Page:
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In True 2019 Style, a Photo of an Egg has the most Instagram Likes Ever

Ahh 2019, what a year it’s shaping up to be already. There’s been *more* Brexit drama, (who’d have predicted that, right?), people running into walls for Bird Box-related ‘likes’, and a vegan sausage roll that sent a certain ‘journalist’ into a meltdown. And it’s only January.

The year is showing no signs of slowing down in terms of craziness levels, as an egg has found Instagram fame. That’s right, @world_record_egg has lived up to its name and has made history as the most-liked photo on the channel of all time, receiving no less than 38 million likes and over one million comments. Does that officially make it a Kardashian? By the rules of the internet, probably.

Kylie Jenner, who owned the record until Tuesday with her baby announcement post, has most likely been left feeling a little deflated. And so are digital marketers across the globe, as brands are now spending more money than ever on social media, only to be beaten by a solitary egg. Social media spend accounts for 13.8% of brands’ total marketing budget, up from 9.8% in August 2017, marking the highest ever annual increase, according to the latest CMO survey. Awkward.

We know there are some clear ingredients that make a social post or campaign successful; carefully curated imagery straight out of the real world, strong copy, relatability, authenticity, etc. etc., but when it comes down to it, this news shows there’s just no predicting the world of the web.

When we plan content, we can always tell which ones have the best chance of flying – and naturally we engineer the calendar for that, and this becomes more predictable over time. But occasionally one idea will just explode to become a national talking point and, truthfully, sometimes the exact reason is hard to determine. It just catches a wave and resonates with something imperceptible. A bit like the egg.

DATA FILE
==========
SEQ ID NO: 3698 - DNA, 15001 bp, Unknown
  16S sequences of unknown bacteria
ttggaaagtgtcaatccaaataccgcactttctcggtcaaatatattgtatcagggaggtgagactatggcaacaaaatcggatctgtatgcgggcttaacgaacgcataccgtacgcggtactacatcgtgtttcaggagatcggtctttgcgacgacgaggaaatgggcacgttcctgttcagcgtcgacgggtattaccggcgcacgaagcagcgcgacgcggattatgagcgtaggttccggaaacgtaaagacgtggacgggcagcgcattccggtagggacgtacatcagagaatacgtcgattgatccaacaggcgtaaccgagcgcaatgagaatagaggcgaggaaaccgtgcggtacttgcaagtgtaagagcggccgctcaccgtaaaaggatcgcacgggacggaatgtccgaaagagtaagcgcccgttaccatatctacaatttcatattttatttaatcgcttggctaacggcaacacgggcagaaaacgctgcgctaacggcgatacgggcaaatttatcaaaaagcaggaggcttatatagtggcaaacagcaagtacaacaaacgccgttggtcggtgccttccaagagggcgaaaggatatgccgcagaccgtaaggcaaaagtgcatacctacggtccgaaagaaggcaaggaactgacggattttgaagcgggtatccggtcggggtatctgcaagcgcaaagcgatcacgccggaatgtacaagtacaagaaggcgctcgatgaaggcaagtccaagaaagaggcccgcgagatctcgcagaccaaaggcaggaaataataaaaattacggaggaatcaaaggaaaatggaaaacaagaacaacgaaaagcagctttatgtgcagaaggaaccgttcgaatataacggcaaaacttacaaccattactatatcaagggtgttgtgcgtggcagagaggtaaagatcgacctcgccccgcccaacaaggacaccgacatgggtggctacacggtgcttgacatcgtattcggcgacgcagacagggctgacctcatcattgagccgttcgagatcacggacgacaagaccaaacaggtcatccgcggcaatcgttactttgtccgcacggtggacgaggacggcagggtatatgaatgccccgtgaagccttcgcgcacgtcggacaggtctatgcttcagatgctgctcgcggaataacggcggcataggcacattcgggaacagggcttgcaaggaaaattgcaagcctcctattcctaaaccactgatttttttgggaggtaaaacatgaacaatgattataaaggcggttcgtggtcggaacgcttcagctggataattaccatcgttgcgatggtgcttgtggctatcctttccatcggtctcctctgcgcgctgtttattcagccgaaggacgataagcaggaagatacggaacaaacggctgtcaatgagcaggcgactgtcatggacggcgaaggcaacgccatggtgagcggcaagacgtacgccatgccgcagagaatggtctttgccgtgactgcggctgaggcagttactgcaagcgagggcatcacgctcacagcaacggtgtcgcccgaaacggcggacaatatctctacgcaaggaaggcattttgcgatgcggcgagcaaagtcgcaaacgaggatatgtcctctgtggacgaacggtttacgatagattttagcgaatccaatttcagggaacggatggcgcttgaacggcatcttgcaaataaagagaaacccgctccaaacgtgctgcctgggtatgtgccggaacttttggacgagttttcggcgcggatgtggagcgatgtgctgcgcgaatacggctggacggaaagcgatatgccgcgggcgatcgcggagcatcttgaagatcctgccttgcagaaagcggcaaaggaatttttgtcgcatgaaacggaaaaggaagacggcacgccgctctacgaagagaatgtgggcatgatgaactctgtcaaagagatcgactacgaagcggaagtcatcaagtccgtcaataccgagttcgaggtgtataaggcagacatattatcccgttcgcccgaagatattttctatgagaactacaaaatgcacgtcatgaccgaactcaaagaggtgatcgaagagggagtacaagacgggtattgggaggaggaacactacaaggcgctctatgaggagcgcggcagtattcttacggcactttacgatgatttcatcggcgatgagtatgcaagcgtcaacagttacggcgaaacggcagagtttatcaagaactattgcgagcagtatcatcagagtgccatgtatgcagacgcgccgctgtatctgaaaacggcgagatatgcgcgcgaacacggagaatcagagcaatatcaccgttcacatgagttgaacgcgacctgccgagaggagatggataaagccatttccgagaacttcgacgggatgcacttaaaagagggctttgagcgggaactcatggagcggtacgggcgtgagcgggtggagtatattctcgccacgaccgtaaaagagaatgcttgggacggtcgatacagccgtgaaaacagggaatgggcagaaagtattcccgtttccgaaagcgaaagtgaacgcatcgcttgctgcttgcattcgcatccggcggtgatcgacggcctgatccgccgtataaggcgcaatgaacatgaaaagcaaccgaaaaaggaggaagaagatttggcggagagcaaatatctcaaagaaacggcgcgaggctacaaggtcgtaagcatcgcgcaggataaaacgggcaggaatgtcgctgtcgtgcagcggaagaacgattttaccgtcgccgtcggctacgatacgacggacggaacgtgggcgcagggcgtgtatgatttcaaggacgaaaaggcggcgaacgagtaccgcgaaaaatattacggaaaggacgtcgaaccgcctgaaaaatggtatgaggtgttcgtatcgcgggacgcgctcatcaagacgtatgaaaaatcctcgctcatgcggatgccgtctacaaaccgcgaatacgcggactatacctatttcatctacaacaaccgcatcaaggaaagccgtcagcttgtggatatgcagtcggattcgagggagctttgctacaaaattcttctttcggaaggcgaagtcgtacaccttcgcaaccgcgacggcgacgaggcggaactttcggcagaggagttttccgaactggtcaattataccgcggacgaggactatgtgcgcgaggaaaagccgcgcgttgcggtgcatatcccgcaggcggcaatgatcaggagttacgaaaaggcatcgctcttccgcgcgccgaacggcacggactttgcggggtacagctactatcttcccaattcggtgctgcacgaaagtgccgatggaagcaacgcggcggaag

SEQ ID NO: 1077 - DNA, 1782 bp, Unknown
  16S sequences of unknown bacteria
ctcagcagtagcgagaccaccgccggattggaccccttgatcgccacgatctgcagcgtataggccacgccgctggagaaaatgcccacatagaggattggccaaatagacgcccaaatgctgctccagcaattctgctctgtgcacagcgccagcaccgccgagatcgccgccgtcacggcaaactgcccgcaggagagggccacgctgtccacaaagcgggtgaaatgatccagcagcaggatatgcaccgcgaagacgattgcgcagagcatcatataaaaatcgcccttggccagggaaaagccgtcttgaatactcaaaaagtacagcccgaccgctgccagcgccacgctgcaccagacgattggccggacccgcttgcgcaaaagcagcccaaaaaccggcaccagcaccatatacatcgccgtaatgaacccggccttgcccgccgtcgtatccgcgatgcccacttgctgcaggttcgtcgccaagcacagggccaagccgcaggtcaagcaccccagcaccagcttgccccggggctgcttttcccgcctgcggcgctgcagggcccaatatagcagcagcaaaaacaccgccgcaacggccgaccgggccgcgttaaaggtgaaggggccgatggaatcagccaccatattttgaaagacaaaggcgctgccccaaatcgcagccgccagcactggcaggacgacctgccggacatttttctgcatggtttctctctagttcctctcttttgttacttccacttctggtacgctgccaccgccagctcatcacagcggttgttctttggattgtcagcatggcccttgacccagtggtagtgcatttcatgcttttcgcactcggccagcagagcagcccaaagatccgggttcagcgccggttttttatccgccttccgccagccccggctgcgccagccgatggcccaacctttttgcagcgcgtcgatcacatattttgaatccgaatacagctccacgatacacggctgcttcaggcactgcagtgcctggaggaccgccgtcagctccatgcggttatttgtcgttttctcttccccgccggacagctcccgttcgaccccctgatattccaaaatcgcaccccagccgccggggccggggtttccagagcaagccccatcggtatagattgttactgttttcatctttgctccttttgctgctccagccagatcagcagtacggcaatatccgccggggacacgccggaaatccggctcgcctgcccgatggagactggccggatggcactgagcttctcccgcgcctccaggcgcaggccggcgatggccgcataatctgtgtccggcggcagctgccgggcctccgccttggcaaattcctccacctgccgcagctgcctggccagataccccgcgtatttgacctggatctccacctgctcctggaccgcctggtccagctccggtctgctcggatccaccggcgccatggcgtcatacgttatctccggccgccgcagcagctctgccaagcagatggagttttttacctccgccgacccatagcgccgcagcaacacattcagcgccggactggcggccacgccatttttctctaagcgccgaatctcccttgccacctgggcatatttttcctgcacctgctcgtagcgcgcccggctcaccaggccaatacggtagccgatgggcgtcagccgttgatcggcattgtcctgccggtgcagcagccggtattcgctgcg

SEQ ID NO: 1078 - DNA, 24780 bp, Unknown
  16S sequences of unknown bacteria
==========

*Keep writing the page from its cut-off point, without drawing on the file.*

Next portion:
So, does this mean we’ll need to start shoving eggs into our social strategies? Or simply admit there isn’t a formula anyone can follow to make content truly famous? Or, have to learn to accept that we’ll not always be able to predict what might steal the limelight from even the most well-thought out posts?

Perhaps the answer lies with the egg-poster, who has remained anonymous so far, though the profile does contain an email address if you’d like to try for a response. Conspiracies of their identity have ranged from egg salespeople to social media marketers, to random people off the street. And that’s maybe the most interesting thing about the whole story; it really could have been anyone with a phone and an egg.

So maybe don’t rush to transform your strategy just yet, because let’s face it, modern communications by its very nature is chaotic, unpredictable, and insanely weird. But hey, that’s why we love it… right?